Three middle school boys charged with sexual harassment for not using “preferred” gender pronouns of classmate

Three students at a Wisconsin middle school are being charged with sexual harassment for not using another student’s “preferred” gender pronouns.

And the legal organization representing the accused suggests one school official may have been on “a fishing expedition to find evidence of sexual harassment” during interviews that failed to follow the school’s own policies.

In March, officials at Kiel Middle School first notified the parents of three eighth-grade boys that their sons were being investigated for sexual harassment. 

According to the district, the boys failed to use a classmate’s requested pronouns of “they” and “them.” The school claims the conduct is sexual harassment under Title IX, which prohibits gender-based harassment in the form of name-calling. 

Rose Rabidoux, the mother of one of the boys, told local media the use of pronouns was “confusing” to her son. She added that the classmate only recently announced the preferred pronouns, suggesting that other students were still adjusting.

“Sexual harassment – that’s rape, that’s incest, that’s inappropriate touching,” Rabidoux said. “What did my son do? He’s a little boy. He told me that he was being charged with sexual harassment for not using the right pronouns.”

Attorneys from the Wisconsin Institute for Law and Liberty (WILL) are representing the Rabidoux family and the families of the other two students who were accused.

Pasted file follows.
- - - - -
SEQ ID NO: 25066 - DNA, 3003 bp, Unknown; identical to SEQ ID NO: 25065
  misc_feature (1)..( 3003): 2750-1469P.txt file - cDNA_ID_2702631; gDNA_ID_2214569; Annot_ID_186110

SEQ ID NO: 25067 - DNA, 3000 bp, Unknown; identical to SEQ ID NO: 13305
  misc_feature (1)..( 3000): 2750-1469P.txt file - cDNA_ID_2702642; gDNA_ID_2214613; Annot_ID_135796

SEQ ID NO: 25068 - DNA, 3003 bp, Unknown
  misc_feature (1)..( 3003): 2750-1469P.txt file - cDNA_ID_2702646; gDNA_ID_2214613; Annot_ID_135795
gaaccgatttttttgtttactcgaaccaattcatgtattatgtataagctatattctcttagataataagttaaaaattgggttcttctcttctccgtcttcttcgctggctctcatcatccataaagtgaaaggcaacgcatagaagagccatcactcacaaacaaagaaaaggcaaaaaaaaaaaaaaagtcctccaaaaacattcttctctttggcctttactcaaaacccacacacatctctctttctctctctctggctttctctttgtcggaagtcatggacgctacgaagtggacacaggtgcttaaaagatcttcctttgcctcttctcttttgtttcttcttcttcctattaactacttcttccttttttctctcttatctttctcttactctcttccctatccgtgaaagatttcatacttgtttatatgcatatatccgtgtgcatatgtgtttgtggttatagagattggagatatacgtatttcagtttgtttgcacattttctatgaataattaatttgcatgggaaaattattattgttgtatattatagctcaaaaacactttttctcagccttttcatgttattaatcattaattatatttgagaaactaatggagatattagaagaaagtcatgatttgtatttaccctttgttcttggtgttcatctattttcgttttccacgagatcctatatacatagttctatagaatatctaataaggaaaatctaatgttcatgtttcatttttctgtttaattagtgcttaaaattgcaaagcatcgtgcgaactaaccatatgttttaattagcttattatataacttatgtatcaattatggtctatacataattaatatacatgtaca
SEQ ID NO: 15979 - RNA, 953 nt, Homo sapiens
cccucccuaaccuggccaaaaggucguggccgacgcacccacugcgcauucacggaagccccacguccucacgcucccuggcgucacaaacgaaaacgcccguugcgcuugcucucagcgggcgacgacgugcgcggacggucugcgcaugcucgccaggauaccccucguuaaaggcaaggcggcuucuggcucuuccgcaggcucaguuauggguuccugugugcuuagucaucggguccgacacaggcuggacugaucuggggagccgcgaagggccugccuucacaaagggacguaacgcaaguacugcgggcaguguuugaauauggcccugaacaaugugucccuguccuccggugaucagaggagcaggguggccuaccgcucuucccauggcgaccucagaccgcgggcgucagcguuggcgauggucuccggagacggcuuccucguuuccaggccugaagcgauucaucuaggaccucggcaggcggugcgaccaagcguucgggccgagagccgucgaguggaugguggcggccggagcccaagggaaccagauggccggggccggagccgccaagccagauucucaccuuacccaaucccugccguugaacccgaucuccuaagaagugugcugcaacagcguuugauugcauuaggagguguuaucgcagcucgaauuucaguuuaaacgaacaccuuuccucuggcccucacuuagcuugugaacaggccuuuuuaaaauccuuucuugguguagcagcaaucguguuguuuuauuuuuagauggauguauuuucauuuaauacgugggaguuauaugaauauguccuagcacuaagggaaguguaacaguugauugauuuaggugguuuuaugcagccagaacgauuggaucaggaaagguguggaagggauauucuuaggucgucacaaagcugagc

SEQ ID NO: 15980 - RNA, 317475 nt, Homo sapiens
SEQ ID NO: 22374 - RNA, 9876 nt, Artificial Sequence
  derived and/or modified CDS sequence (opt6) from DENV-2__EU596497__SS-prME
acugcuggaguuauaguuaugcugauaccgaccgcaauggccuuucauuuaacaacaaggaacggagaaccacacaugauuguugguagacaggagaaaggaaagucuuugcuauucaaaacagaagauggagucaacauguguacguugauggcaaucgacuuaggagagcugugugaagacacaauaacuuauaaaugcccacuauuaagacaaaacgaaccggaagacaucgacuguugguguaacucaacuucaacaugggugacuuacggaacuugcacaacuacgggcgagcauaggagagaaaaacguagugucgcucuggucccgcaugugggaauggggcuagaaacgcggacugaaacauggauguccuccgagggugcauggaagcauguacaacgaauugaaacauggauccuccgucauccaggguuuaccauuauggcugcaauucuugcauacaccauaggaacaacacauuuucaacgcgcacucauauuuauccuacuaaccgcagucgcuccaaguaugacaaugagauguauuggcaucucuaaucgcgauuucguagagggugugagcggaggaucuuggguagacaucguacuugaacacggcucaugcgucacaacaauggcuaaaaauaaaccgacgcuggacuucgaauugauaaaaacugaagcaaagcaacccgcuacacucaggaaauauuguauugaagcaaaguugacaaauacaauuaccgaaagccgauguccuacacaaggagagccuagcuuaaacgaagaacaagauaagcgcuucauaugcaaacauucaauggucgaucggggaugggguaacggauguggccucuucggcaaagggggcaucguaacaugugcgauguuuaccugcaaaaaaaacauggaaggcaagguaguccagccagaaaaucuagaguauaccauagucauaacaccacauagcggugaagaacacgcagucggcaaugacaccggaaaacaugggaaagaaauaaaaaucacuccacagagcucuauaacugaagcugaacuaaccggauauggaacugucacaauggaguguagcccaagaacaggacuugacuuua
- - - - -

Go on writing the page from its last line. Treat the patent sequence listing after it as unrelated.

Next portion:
In a May 12 letter sent to the superintendent, the school counselor and the Title IX compliance officer, WILL accuses the district of misinterpreting Title IX, which makes no mention of “gender identity.” They also say none of the alleged behavior “comes remotely close to sexual harassment.”

“The complaint against these boys, and the district’s ongoing investigation, are wholly inappropriate and should be immediately dismissed,” the letter reads.

The letter also argues that the district violated Title IX investigation procedures and the school’s own policies. Based on the evidence provided, WILL says the district should “promptly end the investigation, dismiss the complaints and remove them from each of the boys’ records.”

In response to parents’ complaints, superintendent Brad Ebert released a statement that fails to address the specifics of the case. Instead, the letter notes that the Kiel Area School District “prohibits all forms of bullying and harassment in accordance with all laws, including Title IX, and will continue to support ALL students regardless of race, color, religion, national origin, ancestry, creed, pregnancy, marital status, parental status, sexual orientation, sex (including transgender status, change of sex or gender identity), or physical, mental, emotional or learning disability (“Protected Classes”) in any of its student programs and activities; this is consistent with school board policy. We do not comment on any student matters.”

WILL has asked the district to provide key documents in the case by Friday. If the district fails to respond, the parents are expected to take legal action.